A printed copy of this work can be ordered from: The Baptist Standard Bearer, 1 Iron Oaks Dr, Paris, AR, 72855

Bibliography
Gill, John. "Commentary on John 19:22". "The New John Gill Exposition of the Entire Bible". https:https://www.studylight.org/commentaries/geb/john-19.html. 1999.

John Lightfoot's Commentary on the Gospels

22. Pilate answered, What I have written I have written.

[What I have written I have written.] this was a common way of speaking amongst the Rabbins. "A widow if she take" [or occupy] "the moveables" of her husband deceased for her own maintenance, What she takes she takes; i.e. that which she hath done stands good, and the moveables go to her.

"If any one shall say, I bind myself to offer an oblation out of the frying pan, and offers indeed something from a gridiron, and so on the contrary; that which he hath offered he hath offered." That is (and indeed it is frequently used amongst them), that which is done is done, and cannot be recalled.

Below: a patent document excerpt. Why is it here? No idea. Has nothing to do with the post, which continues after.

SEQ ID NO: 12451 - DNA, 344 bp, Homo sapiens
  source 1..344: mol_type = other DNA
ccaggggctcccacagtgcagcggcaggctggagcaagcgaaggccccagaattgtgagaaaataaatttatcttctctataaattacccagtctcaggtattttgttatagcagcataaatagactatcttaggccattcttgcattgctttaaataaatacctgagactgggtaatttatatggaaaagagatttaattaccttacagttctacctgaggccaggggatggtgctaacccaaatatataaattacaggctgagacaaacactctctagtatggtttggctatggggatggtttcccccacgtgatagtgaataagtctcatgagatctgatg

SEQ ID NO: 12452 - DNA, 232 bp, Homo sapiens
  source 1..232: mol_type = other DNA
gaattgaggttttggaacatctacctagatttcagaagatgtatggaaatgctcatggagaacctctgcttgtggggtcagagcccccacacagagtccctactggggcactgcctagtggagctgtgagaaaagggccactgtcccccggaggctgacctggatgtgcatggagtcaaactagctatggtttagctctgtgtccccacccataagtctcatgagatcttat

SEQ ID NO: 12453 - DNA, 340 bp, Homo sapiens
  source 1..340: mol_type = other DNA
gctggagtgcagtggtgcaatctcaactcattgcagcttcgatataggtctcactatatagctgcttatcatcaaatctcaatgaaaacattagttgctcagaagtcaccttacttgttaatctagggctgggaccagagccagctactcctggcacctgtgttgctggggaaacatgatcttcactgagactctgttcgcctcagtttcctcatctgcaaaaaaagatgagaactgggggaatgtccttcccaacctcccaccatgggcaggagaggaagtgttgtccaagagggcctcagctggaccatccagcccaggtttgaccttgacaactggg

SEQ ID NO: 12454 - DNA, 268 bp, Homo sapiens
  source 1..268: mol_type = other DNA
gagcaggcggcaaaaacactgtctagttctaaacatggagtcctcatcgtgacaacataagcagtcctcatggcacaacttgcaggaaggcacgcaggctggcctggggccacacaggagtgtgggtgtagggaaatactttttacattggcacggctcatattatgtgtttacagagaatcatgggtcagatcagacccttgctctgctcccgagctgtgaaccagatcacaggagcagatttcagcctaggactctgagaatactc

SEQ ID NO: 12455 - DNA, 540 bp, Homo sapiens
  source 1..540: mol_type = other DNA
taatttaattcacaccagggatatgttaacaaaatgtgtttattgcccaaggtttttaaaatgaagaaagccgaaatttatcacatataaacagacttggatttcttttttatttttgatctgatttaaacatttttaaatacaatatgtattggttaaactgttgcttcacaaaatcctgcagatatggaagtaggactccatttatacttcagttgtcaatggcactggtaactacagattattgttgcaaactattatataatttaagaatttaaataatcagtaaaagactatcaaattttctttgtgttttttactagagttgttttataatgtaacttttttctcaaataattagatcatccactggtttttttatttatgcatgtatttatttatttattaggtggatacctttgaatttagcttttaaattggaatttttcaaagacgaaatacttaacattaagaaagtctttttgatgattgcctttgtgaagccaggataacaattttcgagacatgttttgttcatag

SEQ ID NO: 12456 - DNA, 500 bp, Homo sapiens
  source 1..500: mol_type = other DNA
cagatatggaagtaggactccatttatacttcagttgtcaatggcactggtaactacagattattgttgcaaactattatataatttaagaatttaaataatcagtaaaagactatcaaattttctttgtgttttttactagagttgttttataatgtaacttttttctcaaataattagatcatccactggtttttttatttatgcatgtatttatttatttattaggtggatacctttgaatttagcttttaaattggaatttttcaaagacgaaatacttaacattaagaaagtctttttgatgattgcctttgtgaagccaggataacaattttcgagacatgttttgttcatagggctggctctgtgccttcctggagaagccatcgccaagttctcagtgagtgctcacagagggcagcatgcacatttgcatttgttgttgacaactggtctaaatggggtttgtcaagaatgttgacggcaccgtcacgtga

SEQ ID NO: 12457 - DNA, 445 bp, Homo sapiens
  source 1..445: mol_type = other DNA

"If the putting off the shoe of the husband's brother be before the spitting in his face, or the spitting in his face before the putting off the shoe, that which is done is done," and it stands good.

Pilate doth almost act the prophet as well as Caiaphas. What I have written [Jesus of Nazareth, the King of the Jews] I have written, and it shall stand and obtain; nor shall they have any other king Messiah than this for ever.


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Bibliography
Lightfoot, John. "Commentary on John 19:22". "John Lightfoot Commentary on the Gospels". https:https://www.studylight.org/commentaries/jlc/john-19.html. 1675.

Robertson's Word Pictures in the New Testament

What I have written I have written (ο γεγραπα γεγραπαho gegrapha gegrapha). With emphasis on the permanence of the accusation on the board. Pilate has a sudden spirit of stubbornness in this detail to the surprise of the chief priests. Technically he was correct, for he had condemned Jesus on this charge made by the chief priests.